In more ways than one, the lives of the men and women who serve in the American military are a lot different from the lives of civilians. They stay away from home for extended periods of time and perform their duties in harsh conditions in various corners of the world, often facing unimaginable risks.
Owing to the unique nature of their professional and personal lives, legal matters in military families need special treatment. As many people in Savannah, Georgia, may know, there are certain federal laws that specifically address military family laws matters. One such law is the Uniformed Services Former Spouse Protection Act, a federal law that provides certain benefits for divorced spouses of military members.
According to the USFSPA, former military spouses may be entitled to a part of the pay that the military member receives on retirement, benefits related to medical care, and exchange and commissary benefits. Some of the most notable points related to the USFSPA can be summarized as follows:
- The USFSPA allows state courts to allocate a portion of a military member’s disposable retirement pay to a former spouse at the time of property division. In some circumstances, the former spouse may also be able to receive that money directly through government disbursement.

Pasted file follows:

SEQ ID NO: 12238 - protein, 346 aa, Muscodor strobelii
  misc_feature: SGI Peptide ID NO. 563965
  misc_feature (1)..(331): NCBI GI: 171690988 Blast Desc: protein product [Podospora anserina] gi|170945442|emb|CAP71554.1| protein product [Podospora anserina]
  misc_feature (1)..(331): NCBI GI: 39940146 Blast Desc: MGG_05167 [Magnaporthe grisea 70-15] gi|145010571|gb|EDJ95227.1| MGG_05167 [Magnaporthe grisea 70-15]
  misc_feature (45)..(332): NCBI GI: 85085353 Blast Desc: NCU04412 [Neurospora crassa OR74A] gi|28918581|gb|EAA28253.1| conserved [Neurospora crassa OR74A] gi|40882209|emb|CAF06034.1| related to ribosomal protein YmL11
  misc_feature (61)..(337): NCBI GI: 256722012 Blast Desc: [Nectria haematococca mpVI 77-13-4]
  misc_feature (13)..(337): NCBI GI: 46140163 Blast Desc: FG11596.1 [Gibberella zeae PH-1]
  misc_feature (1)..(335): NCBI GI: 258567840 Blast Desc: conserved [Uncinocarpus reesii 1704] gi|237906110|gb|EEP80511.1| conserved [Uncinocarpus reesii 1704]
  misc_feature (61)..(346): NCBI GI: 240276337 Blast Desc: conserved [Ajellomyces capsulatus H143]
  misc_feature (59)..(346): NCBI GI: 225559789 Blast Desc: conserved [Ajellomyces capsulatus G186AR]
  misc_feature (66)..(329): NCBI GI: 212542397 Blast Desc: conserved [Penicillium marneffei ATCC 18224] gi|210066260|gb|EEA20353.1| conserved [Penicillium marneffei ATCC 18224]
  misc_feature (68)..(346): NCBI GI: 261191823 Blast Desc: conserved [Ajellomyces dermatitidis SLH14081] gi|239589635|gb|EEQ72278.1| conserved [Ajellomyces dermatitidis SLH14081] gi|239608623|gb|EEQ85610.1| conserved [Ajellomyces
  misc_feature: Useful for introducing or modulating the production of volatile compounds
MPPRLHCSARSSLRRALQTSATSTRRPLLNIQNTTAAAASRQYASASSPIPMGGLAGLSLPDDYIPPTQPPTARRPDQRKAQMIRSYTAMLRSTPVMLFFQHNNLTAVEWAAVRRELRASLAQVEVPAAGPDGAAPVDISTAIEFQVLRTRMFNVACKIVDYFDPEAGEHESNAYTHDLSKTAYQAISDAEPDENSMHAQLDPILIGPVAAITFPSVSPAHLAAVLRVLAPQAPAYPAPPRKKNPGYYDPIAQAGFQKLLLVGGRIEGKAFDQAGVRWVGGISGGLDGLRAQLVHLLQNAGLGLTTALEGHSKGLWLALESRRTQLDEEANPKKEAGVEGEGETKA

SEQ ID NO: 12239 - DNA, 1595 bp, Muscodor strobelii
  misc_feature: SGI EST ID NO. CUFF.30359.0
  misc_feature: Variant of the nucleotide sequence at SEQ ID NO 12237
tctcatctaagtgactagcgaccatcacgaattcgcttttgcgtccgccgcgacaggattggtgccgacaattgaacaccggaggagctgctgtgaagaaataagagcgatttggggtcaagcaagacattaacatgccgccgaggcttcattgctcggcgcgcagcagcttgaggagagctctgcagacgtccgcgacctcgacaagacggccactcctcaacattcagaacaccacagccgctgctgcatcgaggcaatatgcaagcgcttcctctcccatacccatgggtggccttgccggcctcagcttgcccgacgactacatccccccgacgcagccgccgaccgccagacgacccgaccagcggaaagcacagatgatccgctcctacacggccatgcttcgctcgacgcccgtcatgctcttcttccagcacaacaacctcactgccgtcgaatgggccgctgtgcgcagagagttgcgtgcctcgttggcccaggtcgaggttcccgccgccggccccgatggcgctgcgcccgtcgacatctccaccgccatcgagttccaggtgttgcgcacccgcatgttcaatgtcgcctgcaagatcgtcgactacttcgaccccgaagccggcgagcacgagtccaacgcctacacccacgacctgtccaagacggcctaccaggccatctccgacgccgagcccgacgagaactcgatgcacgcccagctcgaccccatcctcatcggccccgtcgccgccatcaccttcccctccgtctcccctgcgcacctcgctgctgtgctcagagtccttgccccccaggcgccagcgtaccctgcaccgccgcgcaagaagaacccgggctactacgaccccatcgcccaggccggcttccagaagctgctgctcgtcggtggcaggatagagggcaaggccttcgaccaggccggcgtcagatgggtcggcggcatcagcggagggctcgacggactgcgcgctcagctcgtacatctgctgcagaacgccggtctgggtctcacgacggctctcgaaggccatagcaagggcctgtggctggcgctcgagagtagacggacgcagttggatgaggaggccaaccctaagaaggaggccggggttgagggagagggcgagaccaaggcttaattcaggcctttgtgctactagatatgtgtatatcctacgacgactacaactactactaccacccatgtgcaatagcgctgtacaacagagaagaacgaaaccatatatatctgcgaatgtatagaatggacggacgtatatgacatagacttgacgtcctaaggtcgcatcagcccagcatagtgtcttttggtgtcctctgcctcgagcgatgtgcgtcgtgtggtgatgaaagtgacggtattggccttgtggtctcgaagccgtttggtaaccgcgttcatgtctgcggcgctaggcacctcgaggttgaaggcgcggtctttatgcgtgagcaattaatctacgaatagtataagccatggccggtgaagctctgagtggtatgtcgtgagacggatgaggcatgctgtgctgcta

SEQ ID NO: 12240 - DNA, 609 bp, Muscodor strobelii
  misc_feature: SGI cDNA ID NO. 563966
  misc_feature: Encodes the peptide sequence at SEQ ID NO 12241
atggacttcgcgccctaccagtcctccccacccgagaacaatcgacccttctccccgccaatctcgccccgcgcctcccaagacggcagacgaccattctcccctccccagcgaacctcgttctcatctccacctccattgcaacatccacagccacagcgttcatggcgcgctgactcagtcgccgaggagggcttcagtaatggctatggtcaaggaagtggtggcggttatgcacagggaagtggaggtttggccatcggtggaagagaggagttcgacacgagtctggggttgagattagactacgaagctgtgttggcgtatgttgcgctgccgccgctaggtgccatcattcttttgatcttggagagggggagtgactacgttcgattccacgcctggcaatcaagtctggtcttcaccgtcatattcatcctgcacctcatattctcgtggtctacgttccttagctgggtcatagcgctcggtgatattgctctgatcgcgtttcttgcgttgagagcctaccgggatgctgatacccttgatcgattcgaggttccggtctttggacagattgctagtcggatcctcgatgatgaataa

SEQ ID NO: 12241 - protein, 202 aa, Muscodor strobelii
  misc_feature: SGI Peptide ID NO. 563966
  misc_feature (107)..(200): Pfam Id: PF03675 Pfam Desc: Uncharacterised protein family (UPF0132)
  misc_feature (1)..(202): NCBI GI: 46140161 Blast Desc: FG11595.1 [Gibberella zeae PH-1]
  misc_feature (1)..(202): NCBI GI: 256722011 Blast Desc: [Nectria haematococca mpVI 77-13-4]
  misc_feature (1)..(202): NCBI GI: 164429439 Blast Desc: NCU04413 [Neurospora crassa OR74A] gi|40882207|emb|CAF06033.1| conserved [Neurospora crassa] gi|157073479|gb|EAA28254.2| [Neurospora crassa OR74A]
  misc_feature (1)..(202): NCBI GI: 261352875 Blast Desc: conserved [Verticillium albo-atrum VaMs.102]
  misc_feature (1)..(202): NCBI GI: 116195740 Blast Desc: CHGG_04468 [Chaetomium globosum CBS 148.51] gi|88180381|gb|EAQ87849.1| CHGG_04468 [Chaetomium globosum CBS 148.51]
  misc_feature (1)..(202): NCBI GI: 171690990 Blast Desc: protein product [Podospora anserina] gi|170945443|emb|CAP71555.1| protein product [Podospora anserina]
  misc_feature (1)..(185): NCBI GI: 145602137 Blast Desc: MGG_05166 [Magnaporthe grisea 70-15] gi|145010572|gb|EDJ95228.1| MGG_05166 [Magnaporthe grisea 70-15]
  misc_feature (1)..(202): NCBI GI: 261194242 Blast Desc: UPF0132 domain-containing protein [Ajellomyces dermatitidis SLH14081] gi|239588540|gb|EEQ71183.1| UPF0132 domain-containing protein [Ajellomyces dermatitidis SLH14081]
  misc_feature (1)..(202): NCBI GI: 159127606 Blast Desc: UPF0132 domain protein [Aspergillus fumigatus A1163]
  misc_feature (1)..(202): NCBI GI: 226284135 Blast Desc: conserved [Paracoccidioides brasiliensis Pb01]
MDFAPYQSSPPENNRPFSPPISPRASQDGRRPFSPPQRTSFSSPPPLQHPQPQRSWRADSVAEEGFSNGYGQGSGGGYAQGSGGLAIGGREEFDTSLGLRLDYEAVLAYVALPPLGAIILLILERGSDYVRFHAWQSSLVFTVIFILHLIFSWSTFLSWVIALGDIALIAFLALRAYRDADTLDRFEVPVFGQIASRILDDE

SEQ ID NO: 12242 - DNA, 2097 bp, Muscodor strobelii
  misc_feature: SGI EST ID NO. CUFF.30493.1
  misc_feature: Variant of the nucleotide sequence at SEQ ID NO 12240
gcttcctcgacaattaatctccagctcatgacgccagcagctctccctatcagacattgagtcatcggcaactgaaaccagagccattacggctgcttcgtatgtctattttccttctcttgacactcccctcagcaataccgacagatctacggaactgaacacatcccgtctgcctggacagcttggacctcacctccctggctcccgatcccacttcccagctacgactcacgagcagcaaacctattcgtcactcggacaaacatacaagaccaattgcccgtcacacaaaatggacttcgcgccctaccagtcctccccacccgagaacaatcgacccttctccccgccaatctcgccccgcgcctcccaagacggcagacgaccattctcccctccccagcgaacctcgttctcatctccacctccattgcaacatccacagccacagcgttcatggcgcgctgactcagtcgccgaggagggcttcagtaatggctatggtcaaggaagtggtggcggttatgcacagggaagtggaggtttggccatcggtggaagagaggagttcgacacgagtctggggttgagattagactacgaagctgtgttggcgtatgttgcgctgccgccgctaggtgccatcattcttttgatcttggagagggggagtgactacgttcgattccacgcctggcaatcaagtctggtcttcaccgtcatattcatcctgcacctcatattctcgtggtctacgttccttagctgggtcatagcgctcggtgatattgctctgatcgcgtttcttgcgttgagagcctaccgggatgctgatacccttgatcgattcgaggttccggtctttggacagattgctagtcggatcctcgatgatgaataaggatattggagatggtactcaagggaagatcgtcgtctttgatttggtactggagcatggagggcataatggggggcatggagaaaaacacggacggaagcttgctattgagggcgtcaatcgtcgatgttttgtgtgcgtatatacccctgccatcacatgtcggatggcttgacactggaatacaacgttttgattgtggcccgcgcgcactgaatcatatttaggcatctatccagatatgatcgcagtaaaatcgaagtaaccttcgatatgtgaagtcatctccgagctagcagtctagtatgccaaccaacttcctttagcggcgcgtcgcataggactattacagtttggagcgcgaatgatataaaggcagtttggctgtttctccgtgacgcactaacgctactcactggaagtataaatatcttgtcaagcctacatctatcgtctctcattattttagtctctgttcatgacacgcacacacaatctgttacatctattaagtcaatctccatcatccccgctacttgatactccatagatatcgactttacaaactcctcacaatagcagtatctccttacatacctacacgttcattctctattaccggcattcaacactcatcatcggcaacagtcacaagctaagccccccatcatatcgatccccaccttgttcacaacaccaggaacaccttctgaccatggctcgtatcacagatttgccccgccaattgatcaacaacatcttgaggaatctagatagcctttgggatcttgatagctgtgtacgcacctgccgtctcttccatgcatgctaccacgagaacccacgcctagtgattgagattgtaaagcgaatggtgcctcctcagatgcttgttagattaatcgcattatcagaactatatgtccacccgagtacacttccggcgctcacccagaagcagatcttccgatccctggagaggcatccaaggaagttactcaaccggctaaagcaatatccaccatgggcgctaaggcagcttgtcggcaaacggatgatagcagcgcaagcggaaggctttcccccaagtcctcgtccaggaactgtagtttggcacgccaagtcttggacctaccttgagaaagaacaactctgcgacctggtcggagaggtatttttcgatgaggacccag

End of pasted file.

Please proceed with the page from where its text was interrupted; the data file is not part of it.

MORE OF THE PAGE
- The Act allows former military spouses to access healthcare at medical facilities that are meant for the armed forces, and it also grants access to military commissaries and exchanges. In addition, the USFSPA grants certain special benefits to victims of spousal abuse or child abuse.
It is important to note that although the USFSPA allows the allocation of a portion of a military member’s retirement pay to a former spouse, it is not mandatory for state courts to follow this provision. In other words, while the act allows such allocation, it does not mention any of the following:
- Dictate a percentage of disposable retirement pay that would be allocated to a former spouse
- Establish formula determine the portion of retirement pay to be allocated to a former spouse
Interestingly, the USFSPA does not place a ceiling on the percentage of a military member’s disposable retirement pay that may be awarded to a former spouse. In addition, the act also does not require an overlap of military service and marriage in order to obtain the benefits mentioned earlier.
As can be seen here, financial issues in a military divorce can be unique. Therefore, in order to make sure that the divorce process is completed smoothly, while maintaining the interests of both the separating spouses, it may be wise to seek guidance from an attorney who is experienced in military family law.